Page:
‘So you don’t operate alone? ‘you ask.

Well neither do you Alexa, as far as I can see. You need wi-fi, monthly fees, speakers and human instructors.

I was around throughout the 20th century. But will you still be operating in 2119? Who remembers music cassettes and floppy disks now?

Who can tell? Who knows? But I think I am ageless. I can go on for ever.

Want to check me out for yourself?

If so, you will find me in the Oakdale Workmen’s Institute on the top floor in the grand ballroom. Pop in on a Wednesday morning and my volunteers Cheryl and Marie will show you the works. Before too long you too will be singing my praises.

My name is Brian and I live in Talbot Green. When I was in school I used to do gardening in Y Pant. In the winter I used to help my dad in the garden.

I worked in Remploy in Tonyrefail for ten years starting in 1974. We used to do all sorts of jobs. Then I did four years in Llantrisant, and twenty five years in Porth. On Fridays we finished early and went to the pub for lunch. I retired in 2013. I have the opening plaque from when Remploy opened in Porth in 1988. The building has been demolished.

Since I retired I have done a computer course and a photography course. I have also done pottery and pop art, and I have a big collection of paintings that I have done.

I came to the Take Charge coffee morning in August 2018 and found out about the chance to help at The Secret Garden at St Fagans National Museum of History. That’s when I decided to start gardening again. I’ve learned about teamwork, we work here in a team.

I enjoy doing it, I feel happy. I look forward to coming out and abought especially. I feel tired after, but good tired. My favourite job is raking. I’ve learnt that I enjoy volunteering.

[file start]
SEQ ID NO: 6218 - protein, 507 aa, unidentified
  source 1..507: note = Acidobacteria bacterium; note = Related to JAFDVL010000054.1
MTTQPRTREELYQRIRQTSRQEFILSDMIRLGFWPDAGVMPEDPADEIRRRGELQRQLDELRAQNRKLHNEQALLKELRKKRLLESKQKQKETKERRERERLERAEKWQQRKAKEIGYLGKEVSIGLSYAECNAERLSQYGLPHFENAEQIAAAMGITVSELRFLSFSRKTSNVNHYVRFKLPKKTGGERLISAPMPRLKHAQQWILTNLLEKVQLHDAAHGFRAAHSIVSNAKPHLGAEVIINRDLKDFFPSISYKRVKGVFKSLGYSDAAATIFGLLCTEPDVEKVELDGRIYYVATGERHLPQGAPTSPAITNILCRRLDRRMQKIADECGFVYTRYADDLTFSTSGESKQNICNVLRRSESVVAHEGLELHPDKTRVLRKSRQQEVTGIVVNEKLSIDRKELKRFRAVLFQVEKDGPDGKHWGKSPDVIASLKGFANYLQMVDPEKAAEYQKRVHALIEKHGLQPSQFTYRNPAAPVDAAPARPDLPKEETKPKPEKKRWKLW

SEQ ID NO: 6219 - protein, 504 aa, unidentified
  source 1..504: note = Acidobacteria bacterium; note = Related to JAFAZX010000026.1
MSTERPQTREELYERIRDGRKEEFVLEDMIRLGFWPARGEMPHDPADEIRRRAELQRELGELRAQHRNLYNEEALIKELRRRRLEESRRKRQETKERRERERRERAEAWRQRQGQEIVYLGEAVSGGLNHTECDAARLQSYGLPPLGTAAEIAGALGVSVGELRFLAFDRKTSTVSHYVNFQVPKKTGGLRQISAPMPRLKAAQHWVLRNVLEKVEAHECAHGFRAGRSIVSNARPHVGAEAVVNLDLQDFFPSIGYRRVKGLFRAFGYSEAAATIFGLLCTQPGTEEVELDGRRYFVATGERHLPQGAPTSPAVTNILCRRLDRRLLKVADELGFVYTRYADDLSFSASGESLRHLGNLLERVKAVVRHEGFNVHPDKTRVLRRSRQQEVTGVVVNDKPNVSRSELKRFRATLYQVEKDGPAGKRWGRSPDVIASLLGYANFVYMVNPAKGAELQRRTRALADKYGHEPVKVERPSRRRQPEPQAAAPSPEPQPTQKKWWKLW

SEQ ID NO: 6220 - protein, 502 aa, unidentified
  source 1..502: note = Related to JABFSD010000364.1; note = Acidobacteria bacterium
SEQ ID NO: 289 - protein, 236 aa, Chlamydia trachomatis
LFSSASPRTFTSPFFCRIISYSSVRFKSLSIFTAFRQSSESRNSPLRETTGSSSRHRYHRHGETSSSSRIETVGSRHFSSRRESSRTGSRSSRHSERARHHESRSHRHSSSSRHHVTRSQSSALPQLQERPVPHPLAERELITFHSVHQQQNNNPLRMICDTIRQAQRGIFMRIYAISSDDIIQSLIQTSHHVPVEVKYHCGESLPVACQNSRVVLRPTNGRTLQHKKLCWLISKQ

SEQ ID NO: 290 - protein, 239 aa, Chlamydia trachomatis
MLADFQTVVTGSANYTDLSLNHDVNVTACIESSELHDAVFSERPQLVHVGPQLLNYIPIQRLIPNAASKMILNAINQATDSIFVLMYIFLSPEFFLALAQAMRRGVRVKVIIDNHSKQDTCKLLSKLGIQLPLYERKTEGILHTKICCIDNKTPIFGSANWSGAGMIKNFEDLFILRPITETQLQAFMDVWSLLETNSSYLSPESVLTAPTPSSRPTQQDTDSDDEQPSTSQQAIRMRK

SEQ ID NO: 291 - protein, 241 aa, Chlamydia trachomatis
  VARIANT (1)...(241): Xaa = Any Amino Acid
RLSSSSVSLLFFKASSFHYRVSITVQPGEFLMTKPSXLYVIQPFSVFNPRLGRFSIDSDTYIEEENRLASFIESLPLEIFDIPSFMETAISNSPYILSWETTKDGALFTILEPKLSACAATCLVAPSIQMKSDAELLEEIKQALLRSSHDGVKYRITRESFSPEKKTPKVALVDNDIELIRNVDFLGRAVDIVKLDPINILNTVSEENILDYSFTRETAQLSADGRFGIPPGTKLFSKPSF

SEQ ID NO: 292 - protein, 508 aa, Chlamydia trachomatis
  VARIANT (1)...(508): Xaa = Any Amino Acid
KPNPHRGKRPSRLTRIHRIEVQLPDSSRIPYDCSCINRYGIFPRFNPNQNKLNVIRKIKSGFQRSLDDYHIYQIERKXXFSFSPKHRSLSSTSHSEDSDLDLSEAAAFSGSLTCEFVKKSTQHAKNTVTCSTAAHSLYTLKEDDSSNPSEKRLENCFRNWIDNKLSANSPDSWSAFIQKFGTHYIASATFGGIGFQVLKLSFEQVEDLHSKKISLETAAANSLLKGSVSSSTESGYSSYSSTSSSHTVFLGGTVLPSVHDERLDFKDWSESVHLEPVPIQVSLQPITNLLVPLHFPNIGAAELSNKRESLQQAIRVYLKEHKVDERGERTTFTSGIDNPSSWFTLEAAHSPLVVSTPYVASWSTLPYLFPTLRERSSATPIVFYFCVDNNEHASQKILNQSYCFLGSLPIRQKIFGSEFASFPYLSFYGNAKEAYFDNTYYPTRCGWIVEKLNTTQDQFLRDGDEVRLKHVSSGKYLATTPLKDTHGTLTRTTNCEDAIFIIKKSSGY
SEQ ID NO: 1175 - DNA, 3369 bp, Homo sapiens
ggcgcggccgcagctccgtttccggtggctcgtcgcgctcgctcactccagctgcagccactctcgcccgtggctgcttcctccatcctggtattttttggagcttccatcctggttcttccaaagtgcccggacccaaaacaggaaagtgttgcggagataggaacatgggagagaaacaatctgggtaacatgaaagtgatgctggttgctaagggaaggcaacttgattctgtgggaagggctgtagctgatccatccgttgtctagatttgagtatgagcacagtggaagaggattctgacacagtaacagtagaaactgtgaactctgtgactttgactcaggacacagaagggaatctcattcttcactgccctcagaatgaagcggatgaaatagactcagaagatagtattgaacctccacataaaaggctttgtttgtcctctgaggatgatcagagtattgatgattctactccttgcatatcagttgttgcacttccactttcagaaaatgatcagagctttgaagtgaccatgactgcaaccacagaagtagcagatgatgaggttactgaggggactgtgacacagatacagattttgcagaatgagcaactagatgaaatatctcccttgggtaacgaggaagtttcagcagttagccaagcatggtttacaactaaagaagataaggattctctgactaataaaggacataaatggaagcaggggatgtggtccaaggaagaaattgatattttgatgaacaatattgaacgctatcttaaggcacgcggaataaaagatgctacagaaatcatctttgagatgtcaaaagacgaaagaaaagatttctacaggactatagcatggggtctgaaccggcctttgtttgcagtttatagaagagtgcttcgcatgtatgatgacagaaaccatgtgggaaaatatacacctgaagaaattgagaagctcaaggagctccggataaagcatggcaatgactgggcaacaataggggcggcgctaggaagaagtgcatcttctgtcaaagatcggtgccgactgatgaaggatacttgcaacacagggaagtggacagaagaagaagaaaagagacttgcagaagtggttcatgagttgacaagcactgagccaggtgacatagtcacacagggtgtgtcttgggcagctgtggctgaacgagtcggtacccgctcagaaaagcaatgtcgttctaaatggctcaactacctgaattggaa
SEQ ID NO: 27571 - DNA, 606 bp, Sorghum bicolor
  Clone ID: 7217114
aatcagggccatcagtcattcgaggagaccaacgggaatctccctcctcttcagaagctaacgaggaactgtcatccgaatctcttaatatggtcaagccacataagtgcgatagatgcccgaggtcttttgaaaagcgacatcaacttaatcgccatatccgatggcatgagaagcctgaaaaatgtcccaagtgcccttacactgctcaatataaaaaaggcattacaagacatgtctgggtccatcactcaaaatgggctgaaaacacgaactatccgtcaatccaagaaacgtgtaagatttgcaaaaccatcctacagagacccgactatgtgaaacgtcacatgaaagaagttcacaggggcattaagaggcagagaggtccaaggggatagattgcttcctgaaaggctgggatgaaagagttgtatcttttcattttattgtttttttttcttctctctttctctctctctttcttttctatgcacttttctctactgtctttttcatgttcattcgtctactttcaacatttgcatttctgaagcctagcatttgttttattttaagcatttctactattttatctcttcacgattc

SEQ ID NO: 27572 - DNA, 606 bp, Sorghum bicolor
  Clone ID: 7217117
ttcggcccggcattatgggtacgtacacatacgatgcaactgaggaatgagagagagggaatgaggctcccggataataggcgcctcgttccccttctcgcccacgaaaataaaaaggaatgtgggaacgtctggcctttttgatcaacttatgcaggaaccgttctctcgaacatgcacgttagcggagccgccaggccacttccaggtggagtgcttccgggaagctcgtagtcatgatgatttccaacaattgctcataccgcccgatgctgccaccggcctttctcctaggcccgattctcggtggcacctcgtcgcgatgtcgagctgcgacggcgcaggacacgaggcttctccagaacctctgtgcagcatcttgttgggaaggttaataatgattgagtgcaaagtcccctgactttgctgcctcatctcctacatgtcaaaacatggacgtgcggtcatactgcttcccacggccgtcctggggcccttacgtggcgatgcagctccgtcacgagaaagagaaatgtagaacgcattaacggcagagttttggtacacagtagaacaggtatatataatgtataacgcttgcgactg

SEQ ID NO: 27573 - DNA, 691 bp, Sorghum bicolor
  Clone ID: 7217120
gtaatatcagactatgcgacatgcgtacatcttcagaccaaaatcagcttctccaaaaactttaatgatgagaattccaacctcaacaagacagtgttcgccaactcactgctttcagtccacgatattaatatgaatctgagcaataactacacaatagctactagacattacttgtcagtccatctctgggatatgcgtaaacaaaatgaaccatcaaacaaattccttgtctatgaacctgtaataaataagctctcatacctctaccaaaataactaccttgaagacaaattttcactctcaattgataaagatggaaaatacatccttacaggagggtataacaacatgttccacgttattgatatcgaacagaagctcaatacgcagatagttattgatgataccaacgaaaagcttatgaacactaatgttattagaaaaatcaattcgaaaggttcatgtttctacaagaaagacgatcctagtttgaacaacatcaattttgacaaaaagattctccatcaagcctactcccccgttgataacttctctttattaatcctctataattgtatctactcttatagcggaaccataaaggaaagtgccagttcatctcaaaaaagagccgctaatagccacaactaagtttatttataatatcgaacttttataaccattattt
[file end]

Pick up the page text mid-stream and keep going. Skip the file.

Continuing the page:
The Secret Garden is maintain and developed by Innovate Trust whose main work is to support people with learning disabilities, mental health issues and people with physical impairments.

 

A few months ago, I was given the opportunity of a lifetime. I was invited to work at Amgueddfa Cymru as an artist in residence and asked to organise a project to celebrate 10 years of the volunteer programme. The project has consisted of a series of creative workshops with volunteers at sites across the country, which have fed into the creation of a celebratory artwork.

My name’s Robin Bonar-Law, I’m a self-taught artist and graphic design graduate of Falmouth University. From the time of my graduation up until my residency, I have been working in the catering industry so my artistic outlet has been primarily restricted to latte art. The creative industries are incredibly competitive and coming from a low-income family I have often felt stifled by a lack of social mobility. I take portrait commissions and enter competitions when I can but over the coming years, I would like to make the rewarding leap into self-employment by becoming a freelance mural artist.